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Old 01-11-2017, 06:33 PM   #10
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Quote:
Originally Posted by seasalt007 View Post
The only time I used a stern anchor was because of the current in the Alabama River on the Tenn Tom when we anchored for the night due to lack of a marina.

Two words come to mind when thinking about going ashore...Deliverance and Snakes.
I don't blame you. However, North Baltic's situation is different. The photo shows shore ties very similar to what is done a lot up in BC in different locations. I am surprised they do a bow tie instead of a stern tie however. Unless they nose in to the bank and have someone jump ashore over the bow to take the bow line to shore, it seems easier to use their existing anchor.

Looking at the photo again, I don't see any dinghies. Without a dinghy a stern tie may be tough so they just might go over the bow to get ashore.
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Old 01-12-2017, 01:18 AM   #11
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Thanks for the responses and pictures, they are helpful to think of a new anchor.


a few comments on what's debate. Several ports so narrow nature can not be anchored to the bow and spinning around, as a number of other arrives at the port.


we do not have to tide, because the people here rather want to stick to this, as a commercial port.


There are no predators here like a bear, only one little poisonous snake.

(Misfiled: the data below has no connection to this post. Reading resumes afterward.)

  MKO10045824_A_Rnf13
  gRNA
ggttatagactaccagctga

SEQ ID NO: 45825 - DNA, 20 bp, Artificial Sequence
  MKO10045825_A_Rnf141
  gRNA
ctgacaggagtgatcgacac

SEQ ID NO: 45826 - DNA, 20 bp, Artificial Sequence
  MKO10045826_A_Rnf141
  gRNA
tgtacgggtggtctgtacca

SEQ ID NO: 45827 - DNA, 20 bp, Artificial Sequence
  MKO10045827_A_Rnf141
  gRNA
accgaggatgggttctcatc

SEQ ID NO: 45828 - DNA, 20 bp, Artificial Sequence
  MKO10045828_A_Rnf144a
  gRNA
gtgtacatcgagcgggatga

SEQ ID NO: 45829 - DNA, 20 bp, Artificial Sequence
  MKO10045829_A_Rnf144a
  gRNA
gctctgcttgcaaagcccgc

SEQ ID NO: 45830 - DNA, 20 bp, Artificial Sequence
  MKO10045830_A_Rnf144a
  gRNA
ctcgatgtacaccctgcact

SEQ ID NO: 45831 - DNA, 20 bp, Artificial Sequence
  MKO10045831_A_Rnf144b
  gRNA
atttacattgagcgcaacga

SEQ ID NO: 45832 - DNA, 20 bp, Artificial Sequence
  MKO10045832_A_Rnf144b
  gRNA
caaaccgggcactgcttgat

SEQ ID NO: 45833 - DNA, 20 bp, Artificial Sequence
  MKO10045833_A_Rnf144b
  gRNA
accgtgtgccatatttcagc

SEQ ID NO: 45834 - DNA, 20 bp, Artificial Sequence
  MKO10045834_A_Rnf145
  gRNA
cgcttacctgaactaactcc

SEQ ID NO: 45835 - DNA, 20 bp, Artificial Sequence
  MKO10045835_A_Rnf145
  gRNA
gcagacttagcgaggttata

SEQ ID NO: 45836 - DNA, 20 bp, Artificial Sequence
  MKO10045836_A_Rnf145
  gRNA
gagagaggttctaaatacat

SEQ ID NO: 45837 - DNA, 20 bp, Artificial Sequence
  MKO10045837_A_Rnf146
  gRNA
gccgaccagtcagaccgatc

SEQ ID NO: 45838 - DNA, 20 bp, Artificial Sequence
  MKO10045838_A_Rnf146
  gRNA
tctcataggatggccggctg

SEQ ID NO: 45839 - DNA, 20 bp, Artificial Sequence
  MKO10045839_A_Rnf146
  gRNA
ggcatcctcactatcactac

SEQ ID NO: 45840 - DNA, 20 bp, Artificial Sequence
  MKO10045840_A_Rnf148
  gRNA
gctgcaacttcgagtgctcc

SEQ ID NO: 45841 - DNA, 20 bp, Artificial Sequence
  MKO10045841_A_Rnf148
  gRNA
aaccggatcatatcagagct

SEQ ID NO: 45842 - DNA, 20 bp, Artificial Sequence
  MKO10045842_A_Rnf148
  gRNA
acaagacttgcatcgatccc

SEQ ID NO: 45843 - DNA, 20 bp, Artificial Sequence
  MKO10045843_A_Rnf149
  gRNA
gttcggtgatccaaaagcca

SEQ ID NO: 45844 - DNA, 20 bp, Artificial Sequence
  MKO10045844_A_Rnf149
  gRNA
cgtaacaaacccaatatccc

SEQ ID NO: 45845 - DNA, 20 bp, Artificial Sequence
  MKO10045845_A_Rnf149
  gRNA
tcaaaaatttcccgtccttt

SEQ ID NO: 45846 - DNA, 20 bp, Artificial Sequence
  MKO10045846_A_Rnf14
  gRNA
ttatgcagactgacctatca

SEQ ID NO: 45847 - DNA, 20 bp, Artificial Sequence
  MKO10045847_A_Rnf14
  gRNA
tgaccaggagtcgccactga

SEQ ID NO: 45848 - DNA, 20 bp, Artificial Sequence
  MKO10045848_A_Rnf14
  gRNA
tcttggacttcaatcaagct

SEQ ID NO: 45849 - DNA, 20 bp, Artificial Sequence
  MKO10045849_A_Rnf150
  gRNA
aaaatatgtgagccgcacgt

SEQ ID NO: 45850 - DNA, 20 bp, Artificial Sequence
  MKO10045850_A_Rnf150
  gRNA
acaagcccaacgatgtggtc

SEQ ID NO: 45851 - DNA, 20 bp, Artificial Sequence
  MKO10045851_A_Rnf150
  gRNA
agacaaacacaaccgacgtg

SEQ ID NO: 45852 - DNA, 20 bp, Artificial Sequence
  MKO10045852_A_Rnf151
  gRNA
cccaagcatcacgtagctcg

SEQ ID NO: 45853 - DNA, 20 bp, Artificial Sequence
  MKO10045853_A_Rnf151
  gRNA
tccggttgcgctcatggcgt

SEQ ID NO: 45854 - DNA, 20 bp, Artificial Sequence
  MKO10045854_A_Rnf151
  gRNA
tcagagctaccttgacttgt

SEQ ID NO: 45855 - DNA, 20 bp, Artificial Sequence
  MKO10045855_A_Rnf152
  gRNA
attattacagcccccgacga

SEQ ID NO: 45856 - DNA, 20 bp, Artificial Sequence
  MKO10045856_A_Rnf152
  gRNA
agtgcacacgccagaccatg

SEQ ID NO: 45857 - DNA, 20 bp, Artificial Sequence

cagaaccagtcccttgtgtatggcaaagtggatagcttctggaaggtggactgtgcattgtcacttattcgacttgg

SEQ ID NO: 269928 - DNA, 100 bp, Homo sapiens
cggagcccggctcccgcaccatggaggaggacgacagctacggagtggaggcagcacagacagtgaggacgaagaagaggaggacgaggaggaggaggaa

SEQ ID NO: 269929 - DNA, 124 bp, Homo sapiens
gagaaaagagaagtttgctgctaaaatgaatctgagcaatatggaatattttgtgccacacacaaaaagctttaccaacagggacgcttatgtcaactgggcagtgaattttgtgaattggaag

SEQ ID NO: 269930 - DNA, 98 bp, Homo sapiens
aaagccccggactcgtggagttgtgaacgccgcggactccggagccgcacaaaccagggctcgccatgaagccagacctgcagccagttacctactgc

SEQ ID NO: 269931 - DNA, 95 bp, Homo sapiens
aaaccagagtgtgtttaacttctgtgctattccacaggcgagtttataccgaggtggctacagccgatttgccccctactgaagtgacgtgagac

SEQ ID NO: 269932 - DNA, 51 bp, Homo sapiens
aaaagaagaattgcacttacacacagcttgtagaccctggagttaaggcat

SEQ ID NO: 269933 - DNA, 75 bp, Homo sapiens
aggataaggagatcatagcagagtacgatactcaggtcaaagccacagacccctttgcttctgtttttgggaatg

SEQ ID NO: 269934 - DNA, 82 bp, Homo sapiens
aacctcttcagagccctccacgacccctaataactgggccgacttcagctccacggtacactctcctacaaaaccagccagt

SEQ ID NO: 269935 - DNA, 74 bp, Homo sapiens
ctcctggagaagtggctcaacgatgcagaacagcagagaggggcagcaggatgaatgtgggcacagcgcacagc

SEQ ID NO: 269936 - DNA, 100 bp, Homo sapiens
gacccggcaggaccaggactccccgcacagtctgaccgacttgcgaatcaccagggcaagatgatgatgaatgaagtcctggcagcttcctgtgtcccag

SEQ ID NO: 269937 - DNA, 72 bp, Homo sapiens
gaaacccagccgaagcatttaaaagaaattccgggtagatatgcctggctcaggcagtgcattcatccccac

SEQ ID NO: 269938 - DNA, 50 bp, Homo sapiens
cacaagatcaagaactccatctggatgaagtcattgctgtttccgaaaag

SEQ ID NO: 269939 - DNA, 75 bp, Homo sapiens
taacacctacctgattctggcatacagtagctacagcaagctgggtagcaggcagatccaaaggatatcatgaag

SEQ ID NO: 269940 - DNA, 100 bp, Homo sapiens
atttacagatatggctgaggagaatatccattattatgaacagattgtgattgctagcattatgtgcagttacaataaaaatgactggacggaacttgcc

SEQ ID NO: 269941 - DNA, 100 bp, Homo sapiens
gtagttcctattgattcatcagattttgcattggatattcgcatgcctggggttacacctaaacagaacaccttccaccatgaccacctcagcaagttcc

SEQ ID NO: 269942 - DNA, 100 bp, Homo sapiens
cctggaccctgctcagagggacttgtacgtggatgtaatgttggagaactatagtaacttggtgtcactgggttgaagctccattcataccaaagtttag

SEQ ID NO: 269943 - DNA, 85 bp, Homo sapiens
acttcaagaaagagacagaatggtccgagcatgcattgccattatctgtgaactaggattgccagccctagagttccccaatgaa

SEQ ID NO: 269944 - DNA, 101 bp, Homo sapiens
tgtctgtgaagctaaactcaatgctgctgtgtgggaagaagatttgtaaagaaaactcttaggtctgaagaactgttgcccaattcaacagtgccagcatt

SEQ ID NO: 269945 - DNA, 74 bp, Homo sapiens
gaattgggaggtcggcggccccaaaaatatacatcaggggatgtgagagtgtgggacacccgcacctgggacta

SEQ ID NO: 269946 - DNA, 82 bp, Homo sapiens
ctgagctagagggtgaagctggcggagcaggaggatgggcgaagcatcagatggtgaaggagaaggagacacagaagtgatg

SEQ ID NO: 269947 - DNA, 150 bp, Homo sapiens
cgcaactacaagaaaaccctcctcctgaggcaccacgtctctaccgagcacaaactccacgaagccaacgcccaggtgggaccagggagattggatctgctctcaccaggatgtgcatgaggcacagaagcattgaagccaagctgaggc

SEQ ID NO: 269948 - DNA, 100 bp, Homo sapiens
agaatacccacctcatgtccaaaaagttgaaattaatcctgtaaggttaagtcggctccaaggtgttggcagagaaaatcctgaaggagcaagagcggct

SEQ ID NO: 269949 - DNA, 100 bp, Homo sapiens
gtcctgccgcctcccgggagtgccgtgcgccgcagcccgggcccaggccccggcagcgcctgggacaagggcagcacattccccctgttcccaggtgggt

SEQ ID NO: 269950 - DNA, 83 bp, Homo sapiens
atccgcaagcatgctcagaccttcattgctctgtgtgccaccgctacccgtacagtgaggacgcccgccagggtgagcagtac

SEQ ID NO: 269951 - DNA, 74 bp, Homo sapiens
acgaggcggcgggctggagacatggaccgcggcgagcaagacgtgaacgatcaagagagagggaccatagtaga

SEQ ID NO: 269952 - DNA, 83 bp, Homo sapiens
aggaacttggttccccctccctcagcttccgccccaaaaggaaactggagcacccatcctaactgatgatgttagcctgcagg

in this video where you can see a little, how do we do stern anchoring bow to the beach.


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Old 01-15-2017, 02:55 PM   #12
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On our 37 Nordic Tug we use:
Fx23 for every day anchor.
Fx37 for bad weather anchor.
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Old Yesterday, 09:37 AM   #13
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Quote:
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.................... The photo shows shore ties very similar to what is done a lot up in BC in different locations. I am surprised they do a bow tie instead of a stern tie however. ............
It's just one photo and I've never been in a situation like that but I'm guessing they go bow in to avoid possible damage to the running gear.
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Old Yesterday, 10:06 AM   #14
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Also very common on boating beaches (usually sandbars just inside inlets) here on the East Coast.

Used to do it a lot with my center console.

Also have towed dozens that were sanded when they let the tide get too far out.

Outboards and stern drives will raise their engines and stern in for the swim ladder ....or not if a bowrider style with bow ladder.

There are several manufactures of stake anchors for using on the beach rather than a conventional anchor.
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Old Yesterday, 10:11 AM   #15
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Quote:
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It's just one photo and I've never been in a situation like that but I'm guessing they go bow in to avoid possible damage to the running gear.
Yes, that's why. Beaches are often shallow water can not take stern first, if not the boat "gang way". the second anchor does not prevent the boat from moving sideways and rock seldom a direct danger fender slips away and will damage the body, the bow does not matter if the boat is moving sideways to get to the anchor. we bows open and equipped with a ladder, see fig.

here is also often used to attach the dock bow first for the same reason, or forbidden, or the long side of the pier so high that difficult to pass a swim platform see fig.